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The Meg delivers fun summer chum

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Rating: ««« out of ««««

Running Time: 113 minutes

A word of warning... this reviewer has liked a surprising number of movies featuring killer sea life. I’m not one for water sports and the fact that I enjoy them so much almost defies explanation. They’re often over-the-top and don’t always make a whole lot of, well, sense. Relatively recent efforts like 1998’s Deep Rising, 1999’s Deep Blue Sea and 2010’s Piranha 3D aren’t award-worthy classics, but they all provide a steady supply of goofy, monster-movie fun. The very same can be said of The Meg and, well, I liked it too.

Jonas Taylor (Jason Statham) is an underwater rescue operative who vows never to return to the sea after being blamed for a tragic event on the job. Thankfully, his retirement is short-lived after an incident in the South Pacific at an undersea research facility funded by billionaire Jack Morris (Rainn Wilson). A submersible craft piloted by Taylor’s ex-wife (Jessica McNamee) is attacked by a Megalodon in a trench at the lowest depths of the ocean... beneath a sulfur cloud that has been separating ancient aquatic lifeforms from the known waters. The revelation vindicates Taylor’s claims of a monster, but puts everyone on the shark’s menu after it follows the survivors up through the cloud to their base.

The shark may be the biggest scenery chewer, but some of the cast are just as exaggerated. This epic silliness coincidentally puts Taylor near the doctor (Robert Taylor) who reported the hero as being cowardly on his previous mission. Team member Suyin (Bingbing Li) is determined to impress her father Dr. Mingway Zhang (Winston Chao), which ultimately leads to an overly heartfelt declaration about how proud he is of her. And there’s goofiness as the “brilliant” team throw around not-so-great ideas on how to stop the menace. This includes hopping in a shark cage after the designer insists that it can handle any kind of pressure. That may be true, but pretty much anyone watching will wonder why no one asked about the line holding the cage to the boat.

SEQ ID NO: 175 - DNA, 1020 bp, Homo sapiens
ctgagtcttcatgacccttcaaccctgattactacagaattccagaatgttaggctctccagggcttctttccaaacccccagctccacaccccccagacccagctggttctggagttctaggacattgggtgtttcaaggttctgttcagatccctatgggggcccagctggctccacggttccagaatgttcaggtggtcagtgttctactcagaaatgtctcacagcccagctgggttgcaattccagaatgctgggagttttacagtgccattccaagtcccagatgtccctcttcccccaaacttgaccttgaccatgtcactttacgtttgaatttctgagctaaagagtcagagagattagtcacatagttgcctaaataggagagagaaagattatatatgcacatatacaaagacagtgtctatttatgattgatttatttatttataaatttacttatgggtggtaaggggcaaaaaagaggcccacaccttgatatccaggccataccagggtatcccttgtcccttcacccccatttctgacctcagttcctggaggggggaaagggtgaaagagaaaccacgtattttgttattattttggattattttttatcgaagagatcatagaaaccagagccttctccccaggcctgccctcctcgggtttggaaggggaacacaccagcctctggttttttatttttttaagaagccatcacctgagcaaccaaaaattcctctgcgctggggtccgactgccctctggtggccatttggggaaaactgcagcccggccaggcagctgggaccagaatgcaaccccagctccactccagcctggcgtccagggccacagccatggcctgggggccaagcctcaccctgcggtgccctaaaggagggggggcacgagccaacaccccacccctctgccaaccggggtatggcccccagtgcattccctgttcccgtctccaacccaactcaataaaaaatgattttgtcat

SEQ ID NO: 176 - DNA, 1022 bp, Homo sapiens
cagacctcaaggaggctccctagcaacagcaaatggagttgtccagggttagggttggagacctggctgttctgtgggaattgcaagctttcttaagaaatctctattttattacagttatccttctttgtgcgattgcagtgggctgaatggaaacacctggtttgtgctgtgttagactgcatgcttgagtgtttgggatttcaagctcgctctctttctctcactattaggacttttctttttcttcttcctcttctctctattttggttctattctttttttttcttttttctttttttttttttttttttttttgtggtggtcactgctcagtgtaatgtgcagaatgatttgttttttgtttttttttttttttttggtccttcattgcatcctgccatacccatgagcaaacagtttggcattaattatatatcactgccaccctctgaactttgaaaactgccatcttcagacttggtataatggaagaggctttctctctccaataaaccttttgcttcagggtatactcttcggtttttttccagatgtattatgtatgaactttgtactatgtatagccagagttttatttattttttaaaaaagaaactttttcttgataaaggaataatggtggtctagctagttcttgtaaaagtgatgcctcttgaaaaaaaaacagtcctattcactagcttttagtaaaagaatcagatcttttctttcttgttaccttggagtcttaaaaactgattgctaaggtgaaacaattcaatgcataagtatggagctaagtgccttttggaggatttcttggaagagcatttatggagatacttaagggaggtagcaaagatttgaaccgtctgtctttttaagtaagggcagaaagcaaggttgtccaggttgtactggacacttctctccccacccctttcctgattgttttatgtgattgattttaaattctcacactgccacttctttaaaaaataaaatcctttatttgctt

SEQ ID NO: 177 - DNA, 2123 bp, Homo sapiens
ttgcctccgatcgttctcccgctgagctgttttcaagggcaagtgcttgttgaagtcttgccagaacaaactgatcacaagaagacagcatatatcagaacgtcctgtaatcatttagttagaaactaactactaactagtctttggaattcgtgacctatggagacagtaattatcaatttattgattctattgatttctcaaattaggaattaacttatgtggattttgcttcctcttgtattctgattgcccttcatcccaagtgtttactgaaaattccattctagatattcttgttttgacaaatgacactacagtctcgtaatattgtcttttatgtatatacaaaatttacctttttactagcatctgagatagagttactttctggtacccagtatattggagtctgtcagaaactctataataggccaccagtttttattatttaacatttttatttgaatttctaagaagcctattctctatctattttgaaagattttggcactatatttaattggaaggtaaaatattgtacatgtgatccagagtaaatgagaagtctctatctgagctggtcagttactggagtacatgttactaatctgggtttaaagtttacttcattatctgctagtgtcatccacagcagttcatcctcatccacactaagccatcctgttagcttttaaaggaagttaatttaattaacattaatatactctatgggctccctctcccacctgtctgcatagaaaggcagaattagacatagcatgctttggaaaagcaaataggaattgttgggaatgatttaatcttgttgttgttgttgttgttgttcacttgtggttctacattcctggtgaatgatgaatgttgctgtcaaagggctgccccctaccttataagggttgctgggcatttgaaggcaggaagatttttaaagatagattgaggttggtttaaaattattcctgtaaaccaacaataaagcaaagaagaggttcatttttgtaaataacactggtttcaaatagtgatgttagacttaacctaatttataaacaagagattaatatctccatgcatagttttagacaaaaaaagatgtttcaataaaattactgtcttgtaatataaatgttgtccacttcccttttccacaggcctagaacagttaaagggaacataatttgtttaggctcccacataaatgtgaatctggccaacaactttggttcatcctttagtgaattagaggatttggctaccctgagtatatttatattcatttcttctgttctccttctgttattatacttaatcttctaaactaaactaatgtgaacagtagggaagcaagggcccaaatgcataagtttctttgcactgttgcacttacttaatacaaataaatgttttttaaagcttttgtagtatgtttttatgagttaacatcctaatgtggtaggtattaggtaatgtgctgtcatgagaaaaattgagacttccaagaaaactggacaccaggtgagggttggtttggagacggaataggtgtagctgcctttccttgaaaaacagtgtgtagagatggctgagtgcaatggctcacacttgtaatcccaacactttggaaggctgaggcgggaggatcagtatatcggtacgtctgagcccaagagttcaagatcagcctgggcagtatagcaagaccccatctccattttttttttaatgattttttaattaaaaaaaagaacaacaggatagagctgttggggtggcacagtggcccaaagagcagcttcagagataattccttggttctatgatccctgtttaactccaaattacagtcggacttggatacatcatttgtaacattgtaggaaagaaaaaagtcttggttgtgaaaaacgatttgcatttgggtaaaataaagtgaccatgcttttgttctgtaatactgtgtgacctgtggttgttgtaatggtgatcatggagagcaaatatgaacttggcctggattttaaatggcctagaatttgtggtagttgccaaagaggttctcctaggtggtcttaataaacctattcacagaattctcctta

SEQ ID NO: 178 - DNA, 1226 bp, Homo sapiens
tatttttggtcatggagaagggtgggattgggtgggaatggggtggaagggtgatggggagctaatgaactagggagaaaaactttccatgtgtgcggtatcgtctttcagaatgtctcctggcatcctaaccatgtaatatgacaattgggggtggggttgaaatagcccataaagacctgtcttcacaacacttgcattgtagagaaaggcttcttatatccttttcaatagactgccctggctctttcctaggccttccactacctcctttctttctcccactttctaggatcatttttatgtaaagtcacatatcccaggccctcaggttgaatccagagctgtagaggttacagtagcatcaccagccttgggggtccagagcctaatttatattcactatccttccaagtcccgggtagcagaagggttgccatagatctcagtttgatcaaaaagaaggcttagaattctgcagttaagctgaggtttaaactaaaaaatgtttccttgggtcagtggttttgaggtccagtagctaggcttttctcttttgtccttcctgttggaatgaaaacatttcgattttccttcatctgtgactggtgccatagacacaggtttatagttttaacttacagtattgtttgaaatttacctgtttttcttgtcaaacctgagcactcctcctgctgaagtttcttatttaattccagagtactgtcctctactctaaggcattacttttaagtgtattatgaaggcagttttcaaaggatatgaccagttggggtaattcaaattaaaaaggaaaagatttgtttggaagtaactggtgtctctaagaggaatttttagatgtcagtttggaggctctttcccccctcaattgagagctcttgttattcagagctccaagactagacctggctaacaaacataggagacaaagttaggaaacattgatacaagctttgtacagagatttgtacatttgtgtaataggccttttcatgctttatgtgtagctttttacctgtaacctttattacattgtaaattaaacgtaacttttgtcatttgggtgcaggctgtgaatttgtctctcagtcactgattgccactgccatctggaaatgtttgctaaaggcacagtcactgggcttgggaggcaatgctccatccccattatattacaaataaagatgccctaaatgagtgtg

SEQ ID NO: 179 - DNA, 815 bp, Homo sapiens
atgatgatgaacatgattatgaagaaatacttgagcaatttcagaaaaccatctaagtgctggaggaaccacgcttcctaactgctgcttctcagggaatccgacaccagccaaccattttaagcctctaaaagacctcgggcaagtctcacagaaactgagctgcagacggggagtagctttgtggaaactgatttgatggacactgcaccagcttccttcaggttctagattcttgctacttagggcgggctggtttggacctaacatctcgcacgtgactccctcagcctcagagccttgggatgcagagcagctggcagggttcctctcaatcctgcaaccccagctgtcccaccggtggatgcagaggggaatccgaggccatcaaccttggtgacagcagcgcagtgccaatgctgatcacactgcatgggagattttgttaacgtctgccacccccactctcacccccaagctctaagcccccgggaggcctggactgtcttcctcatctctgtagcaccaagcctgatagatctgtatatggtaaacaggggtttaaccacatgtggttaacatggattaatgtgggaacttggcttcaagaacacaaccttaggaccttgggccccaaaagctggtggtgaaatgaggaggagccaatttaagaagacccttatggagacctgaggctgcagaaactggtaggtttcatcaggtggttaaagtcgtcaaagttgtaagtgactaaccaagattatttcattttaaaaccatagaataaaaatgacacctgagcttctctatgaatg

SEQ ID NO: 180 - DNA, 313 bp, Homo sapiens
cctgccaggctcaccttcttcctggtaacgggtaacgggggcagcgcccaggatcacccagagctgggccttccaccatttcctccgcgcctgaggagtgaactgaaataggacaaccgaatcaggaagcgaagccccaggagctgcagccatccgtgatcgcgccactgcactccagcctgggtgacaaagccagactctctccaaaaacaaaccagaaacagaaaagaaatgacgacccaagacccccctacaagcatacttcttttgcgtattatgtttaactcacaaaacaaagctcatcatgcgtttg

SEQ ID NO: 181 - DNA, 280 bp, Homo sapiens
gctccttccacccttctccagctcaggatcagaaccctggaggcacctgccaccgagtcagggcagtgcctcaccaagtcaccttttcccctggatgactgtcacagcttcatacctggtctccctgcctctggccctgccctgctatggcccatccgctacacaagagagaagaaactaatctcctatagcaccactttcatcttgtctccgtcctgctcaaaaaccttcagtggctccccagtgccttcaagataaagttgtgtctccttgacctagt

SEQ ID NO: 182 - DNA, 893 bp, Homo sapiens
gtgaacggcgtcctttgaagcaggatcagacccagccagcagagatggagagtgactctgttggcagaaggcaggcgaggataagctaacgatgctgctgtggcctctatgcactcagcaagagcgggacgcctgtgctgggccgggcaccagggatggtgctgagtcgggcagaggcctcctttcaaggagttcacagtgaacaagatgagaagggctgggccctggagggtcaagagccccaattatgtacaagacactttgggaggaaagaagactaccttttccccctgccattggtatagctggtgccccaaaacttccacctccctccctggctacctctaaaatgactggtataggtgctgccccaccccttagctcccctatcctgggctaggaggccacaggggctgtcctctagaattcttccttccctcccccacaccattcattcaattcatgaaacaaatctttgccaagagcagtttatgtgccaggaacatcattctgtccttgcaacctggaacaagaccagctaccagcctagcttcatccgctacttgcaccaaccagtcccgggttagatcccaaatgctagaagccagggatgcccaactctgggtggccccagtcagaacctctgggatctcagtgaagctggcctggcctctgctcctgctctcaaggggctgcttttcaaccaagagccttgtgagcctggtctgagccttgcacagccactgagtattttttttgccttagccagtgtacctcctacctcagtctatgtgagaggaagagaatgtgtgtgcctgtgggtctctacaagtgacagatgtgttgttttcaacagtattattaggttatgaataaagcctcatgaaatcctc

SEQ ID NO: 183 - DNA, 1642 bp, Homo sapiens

Ultimately, logic doesn’t matter. The cast are all likable enough and their knowing looks and offhanded comments are clear winks at the audience. Everyone involved seems to know just how ridiculous all of this is and appear to be having as much fun as they can. Several conversations between the stars supply laughs as they express great concern or disturbance at what they’re being asked to do - and most of the time, what transpires is just as embellished as imagined. Even the reemergence of one figure at the end of the film results in an amusingly baffled and confused reaction from the lead.

The action scenes are fun and the movie makes frequent use of characters slowly fleeing, diving and turning away at the last possible moment from the shark as it veers towards them. Even the computer generated animal has a seemingly sinister grin, almost as if it’s in on the joke. And there’s plenty of strangely humorous bloodshed as the Megalodon chows down on beachgoers playing in the water on a comically wide variety of floating apparatuses.

Who knows why I enjoy these kinds of pictures? Perhaps there’s something mysterious about the world beneath the surface that adds a layer of tension to the proceedings. Or maybe it’s also because the filmmakers involved knew not to take themselves seriously. In the end, The Meg may be one of the most expensive B-movies ever made, but one can’t help but smile during several of the film’s absurd, shark-related set pieces. It will never be mistaken for a cinematic masterpiece, but this flick meets all of its intended goals and ends up providing plenty of goofy undersea adventure for thrill seekers.

Visit: CinemaStance.com

By Glenn Kay 
For the Sun